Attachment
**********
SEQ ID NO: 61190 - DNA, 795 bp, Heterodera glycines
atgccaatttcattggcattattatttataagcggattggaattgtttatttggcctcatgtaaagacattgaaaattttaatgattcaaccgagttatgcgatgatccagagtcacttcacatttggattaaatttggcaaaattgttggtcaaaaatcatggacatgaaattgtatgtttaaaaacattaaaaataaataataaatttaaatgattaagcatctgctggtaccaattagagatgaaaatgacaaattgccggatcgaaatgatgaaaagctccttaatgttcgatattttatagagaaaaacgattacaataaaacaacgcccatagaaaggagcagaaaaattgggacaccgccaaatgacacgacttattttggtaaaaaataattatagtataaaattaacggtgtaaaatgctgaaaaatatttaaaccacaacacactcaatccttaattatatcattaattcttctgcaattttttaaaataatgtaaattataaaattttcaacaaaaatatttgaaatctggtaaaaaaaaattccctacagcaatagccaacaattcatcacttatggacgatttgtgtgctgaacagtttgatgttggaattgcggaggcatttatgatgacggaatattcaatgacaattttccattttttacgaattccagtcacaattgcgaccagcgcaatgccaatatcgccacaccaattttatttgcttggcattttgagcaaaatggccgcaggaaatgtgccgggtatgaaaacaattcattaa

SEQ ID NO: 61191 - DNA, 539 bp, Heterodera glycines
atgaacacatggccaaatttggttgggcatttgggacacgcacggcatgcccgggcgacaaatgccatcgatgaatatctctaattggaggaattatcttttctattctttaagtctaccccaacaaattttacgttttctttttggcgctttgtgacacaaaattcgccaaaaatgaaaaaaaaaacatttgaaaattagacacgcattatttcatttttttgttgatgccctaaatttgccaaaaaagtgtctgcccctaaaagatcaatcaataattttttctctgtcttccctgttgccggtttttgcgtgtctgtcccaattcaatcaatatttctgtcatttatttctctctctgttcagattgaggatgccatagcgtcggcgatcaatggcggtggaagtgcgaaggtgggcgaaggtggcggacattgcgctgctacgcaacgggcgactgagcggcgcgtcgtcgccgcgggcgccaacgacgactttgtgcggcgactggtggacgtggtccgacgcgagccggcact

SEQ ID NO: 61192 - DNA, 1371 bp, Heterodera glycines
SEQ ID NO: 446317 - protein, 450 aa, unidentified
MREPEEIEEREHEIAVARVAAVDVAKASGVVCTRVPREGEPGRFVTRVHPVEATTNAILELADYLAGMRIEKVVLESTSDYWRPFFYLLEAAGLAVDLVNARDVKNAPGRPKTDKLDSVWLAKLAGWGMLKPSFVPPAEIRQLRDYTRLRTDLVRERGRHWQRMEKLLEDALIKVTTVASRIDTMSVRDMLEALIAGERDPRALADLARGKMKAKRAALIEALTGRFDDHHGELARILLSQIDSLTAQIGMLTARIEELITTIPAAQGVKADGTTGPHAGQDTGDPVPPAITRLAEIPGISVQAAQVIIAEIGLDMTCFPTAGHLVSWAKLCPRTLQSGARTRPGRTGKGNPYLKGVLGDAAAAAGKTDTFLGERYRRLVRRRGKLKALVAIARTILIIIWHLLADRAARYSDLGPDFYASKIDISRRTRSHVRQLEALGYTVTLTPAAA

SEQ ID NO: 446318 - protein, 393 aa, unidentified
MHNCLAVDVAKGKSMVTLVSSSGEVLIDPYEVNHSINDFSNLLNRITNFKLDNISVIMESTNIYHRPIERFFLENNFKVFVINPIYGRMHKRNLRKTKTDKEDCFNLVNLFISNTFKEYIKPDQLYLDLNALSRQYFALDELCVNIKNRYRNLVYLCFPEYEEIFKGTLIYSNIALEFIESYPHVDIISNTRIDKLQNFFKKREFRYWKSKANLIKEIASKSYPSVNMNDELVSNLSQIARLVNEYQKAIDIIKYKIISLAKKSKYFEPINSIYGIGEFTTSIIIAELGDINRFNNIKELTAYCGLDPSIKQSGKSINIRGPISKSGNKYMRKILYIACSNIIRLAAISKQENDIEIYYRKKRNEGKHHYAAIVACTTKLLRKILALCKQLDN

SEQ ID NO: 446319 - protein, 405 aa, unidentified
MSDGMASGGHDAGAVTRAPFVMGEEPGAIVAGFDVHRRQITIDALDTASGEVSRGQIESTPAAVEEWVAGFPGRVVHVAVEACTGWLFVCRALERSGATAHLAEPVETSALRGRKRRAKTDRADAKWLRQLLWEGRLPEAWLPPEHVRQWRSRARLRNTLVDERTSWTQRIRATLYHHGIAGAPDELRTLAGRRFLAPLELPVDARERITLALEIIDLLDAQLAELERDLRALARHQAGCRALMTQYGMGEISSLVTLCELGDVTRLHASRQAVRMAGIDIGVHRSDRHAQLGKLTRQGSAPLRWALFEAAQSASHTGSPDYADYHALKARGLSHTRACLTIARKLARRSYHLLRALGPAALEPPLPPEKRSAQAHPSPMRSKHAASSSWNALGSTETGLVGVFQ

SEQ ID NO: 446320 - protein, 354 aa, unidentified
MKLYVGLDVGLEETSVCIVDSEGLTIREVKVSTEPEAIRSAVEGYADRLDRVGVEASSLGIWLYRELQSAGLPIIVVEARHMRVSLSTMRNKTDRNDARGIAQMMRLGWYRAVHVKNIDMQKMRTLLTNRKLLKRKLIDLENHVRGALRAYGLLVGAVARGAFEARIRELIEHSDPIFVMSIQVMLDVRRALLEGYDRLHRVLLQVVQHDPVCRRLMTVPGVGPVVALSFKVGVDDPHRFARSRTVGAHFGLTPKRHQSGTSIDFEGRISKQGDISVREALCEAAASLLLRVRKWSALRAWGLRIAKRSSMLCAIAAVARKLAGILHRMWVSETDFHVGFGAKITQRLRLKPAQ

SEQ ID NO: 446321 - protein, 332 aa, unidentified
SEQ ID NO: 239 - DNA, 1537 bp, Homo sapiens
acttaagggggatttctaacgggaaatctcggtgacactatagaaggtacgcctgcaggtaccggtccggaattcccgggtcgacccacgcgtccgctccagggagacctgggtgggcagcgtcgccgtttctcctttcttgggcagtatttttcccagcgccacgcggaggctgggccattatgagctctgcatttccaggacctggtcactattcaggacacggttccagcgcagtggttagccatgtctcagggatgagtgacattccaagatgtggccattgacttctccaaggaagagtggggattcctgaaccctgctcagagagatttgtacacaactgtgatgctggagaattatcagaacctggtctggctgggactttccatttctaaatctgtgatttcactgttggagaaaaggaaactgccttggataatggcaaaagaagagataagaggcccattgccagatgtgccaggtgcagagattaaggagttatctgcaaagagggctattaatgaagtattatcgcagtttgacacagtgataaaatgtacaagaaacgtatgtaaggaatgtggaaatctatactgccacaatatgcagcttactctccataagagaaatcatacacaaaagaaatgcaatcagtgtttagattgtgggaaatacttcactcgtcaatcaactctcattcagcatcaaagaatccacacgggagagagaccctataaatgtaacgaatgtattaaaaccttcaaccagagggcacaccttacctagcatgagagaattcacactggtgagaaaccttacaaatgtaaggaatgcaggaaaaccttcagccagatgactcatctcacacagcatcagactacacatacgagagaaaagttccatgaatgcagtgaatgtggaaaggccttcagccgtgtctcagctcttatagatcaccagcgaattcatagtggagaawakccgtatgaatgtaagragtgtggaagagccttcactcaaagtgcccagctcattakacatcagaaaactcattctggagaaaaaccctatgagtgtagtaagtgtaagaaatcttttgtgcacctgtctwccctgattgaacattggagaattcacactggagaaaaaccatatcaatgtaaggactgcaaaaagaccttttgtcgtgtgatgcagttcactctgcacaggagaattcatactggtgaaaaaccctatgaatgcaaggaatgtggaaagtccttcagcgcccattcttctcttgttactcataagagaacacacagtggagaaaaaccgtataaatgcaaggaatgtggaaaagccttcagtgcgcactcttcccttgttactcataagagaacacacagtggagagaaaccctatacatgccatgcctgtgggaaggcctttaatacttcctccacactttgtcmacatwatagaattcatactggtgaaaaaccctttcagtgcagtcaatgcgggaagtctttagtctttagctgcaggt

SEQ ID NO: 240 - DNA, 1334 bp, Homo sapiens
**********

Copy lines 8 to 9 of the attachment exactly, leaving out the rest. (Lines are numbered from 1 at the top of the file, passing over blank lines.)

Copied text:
SEQ ID NO: 446318 - protein, 393 aa, unidentified
MHNCLAVDVAKGKSMVTLVSSSGEVLIDPYEVNHSINDFSNLLNRITNFKLDNISVIMESTNIYHRPIERFFLENNFKVFVINPIYGRMHKRNLRKTKTDKEDCFNLVNLFISNTFKEYIKPDQLYLDLNALSRQYFALDELCVNIKNRYRNLVYLCFPEYEEIFKGTLIYSNIALEFIESYPHVDIISNTRIDKLQNFFKKREFRYWKSKANLIKEIASKSYPSVNMNDELVSNLSQIARLVNEYQKAIDIIKYKIISLAKKSKYFEPINSIYGIGEFTTSIIIAELGDINRFNNIKELTAYCGLDPSIKQSGKSINIRGPISKSGNKYMRKILYIACSNIIRLAAISKQENDIEIYYRKKRNEGKHHYAAIVACTTKLLRKILALCKQLDN